Dr. Robert Bowker on Navicular Disease

Casie

Hi! My name is Casie Bazay. I'm a mom, a freelance writer, and a certified equine acupressure practitioner.

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17 Responses

  1. Jill Mora says:

    Another great article! Thanks so much for sharing this excellent information!

  2. Linda King says:

    Interesting reading. My German Warmblood was noticeably lame the second day after I got him, he was diagnosed with severe advanced navicular disease, that was in 2005, so he will be in your W – Z scale, he is still going strong, so having nav is certainly not the death sentence it used to be. thanks again for your information

  3. Hans Wiza says:

    This is a very well presented article and rationale for the causes of Navicular disease.I been a professional farrier for 45 years. In this time I have rarely had a horse in my clientele diagnosed with Navicular disease. Some of my colleagues have a significantly higher rate of diagnosed Navicular disease. In my opinion the way a hoof is trimmed whether barefoot or shod is the most crucial aspect of the hoof care process. Hoofmakeover.ca has produced tutorial videos that simplify and demystify the trimming process so that anyone can learn how to recognize and attain the necessary target points that enable a horse to remain sound throughout its career. I have shod hundreds of horses that lived and worked well into their thirties very sound and healthy.

    • Joanna says:

      Yes! Angle is everything! My personal belief is that a horse with a straight shoulder who is shot too low in the heel is a prime candidate for navicular. The Deep flexor tendon pushing on the bone from being stretched out too much inhibits blood circulation

  4. pologirl says:

    Though I don’t disagree with some of this insight, I had my horses barefoot for nearly a year. (dressage horses). You couldn’t have asked for a better footing situation as it was varied (nice arena, pebbles, DG, grass), they were on good diets (no processed feed etc.) Though their feet showed some nice changes and Improvement they were unable to stay barefoot for the long haul, too much sole loss, not enough wall led to sore feet. (and booting got old after 9 months) So despite best intentions shoes were the better way to go. Now we just pull several days in advance of new shoeing cycle to encourage foot to stay open and increase circulation etc. So far so good…happy horses.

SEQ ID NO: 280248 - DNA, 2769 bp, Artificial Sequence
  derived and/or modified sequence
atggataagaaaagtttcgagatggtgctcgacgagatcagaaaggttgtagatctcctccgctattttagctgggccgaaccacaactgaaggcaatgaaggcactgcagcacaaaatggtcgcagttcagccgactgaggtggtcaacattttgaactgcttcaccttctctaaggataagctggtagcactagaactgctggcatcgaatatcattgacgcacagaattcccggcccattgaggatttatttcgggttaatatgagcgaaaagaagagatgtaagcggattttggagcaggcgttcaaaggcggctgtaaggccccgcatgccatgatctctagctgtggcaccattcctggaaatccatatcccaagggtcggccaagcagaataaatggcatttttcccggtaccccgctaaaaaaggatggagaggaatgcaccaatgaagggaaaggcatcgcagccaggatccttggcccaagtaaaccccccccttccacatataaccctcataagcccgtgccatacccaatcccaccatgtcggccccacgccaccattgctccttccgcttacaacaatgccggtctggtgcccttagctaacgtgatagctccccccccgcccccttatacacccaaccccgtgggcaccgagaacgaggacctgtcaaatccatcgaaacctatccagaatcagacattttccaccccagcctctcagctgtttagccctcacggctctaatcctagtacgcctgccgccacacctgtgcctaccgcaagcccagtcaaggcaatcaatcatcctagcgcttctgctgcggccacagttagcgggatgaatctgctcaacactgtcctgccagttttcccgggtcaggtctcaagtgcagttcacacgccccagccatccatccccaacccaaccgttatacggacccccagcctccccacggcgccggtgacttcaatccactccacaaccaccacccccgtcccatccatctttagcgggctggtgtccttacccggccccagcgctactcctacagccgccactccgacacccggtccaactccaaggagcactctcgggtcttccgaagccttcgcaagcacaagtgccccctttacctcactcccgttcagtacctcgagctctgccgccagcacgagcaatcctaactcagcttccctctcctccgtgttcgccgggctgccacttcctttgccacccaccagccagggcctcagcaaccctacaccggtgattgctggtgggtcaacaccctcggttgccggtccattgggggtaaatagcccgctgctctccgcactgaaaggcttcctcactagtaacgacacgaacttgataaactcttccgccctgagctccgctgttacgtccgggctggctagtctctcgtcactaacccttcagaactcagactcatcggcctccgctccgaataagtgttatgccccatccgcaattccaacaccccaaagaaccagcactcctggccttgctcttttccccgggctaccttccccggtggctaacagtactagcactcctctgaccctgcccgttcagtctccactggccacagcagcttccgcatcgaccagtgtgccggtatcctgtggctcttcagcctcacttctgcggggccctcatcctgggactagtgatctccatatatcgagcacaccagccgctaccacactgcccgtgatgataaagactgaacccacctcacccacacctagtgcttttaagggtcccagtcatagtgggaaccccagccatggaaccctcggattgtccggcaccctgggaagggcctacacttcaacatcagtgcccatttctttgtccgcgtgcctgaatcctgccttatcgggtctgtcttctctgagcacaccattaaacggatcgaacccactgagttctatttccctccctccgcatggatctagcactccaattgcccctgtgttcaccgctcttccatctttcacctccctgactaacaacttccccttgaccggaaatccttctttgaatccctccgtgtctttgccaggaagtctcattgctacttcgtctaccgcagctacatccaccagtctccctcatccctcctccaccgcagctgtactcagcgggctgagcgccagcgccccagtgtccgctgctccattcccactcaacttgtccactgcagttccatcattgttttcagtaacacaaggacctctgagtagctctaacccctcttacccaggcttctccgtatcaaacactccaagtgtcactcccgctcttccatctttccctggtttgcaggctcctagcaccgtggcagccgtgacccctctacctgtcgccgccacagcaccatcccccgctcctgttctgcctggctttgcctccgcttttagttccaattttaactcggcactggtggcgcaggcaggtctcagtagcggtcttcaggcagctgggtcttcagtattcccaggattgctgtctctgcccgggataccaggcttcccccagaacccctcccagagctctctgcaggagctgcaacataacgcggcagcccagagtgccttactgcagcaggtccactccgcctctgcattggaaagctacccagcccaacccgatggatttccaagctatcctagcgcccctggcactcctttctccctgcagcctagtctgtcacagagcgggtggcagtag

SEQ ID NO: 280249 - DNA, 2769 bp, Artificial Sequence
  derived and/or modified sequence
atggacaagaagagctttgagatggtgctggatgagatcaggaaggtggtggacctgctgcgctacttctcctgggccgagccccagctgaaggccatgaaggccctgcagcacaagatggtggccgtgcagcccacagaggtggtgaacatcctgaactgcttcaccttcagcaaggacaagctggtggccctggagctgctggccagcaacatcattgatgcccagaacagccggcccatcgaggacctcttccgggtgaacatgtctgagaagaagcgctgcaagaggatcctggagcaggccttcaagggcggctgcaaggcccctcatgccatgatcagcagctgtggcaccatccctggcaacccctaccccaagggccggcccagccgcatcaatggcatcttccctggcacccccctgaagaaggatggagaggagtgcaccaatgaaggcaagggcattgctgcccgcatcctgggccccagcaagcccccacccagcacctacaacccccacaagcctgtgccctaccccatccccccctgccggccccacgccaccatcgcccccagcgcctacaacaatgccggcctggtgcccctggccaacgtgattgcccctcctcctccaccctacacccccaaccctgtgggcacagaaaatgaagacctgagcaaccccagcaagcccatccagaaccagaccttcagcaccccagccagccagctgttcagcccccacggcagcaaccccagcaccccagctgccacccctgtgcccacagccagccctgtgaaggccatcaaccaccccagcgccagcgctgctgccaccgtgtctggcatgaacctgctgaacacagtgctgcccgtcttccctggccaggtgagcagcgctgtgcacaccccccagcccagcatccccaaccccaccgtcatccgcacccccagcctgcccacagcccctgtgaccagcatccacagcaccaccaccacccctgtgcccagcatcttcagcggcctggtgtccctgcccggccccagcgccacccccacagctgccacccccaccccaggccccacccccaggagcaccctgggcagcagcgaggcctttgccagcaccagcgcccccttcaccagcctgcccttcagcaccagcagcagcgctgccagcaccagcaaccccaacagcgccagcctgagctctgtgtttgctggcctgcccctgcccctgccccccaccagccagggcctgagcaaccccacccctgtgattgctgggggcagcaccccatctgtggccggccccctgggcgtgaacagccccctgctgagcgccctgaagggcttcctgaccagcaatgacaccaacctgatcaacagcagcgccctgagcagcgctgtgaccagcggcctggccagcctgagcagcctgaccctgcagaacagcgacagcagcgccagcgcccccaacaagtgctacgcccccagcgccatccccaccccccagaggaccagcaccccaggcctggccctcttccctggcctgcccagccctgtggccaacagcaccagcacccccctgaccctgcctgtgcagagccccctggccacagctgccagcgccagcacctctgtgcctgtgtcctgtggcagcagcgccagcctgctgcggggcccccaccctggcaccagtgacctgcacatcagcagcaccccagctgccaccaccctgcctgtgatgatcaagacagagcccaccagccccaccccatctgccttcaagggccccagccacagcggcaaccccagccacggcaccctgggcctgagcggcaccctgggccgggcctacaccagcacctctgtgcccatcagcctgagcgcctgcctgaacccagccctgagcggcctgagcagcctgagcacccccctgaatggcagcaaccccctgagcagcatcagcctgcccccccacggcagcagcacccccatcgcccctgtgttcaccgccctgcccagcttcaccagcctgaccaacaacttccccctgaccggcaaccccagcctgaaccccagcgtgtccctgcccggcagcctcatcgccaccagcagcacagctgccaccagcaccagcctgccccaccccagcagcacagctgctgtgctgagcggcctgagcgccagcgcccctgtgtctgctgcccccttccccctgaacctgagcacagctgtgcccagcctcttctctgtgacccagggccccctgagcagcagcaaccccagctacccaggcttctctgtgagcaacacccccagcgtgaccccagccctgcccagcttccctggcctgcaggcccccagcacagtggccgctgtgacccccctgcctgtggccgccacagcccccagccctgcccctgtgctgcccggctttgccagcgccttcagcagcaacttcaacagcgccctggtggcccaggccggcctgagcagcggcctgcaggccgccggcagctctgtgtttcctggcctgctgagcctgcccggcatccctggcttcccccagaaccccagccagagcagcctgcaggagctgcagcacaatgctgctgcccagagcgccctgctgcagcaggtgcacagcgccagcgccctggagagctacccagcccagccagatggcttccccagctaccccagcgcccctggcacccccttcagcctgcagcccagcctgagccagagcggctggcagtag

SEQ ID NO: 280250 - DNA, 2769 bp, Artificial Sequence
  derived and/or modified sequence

• James Marshall says:

      Hi!

      I’m a farrier with 23 years experience of looking at horses feet. Some years ago, we had 3 personal show horses, which we had purchased from the Springhill L.A. area. Nice sandy, soft, lazy horse soil.

      I had an Impressive bred mare with hoof wall so thin, you could not drive a nail without quicking her. I also had two other horses with white socks, white feet, and so much refined Quarter Horse breeding, their feet had lost all functionality.

      After months of my trying to keep shoes on to no avail, I, after reading an article in the American Farriers Journal about farrier Jean Ovineck, and his recomendation to pull shoes of horses with poor hoof wall quality, I did.

      And boy I’m glad I did! That Impressive mare who’s foot you could not drive a nail into… Well in 6 months, her hoof wall went from 0 to 3/8″ wide, and in time, became over 1/2″ thick.

      And every other horse I had, their hoof wall improved, their feet became tougher. I had no more flat feet, but nicely concaved, thick soles. The feet actually pulled up into themselves, becoming more compact, a leaner, meaner hoofing machine.

      I’ve had success with barefooting my horses, but I’ve a secret I used to be really ashamed of, but as the years go by, I’ve come to value. I’ve a very rocky (with capital V) pasture. My horses live in the North West Arkansas Mountians, with rocky terraine similar to desert.

      Also I didn’t boot my horses. I pulled their shoes, threw them into the pasture and told them to live or die. They lived! And became extrememly healthy hoof because of it.

      But I had to watch my horses limp for about 5 months. At about 6 months things turned the corner. The limps went away, and the hoof walls showed up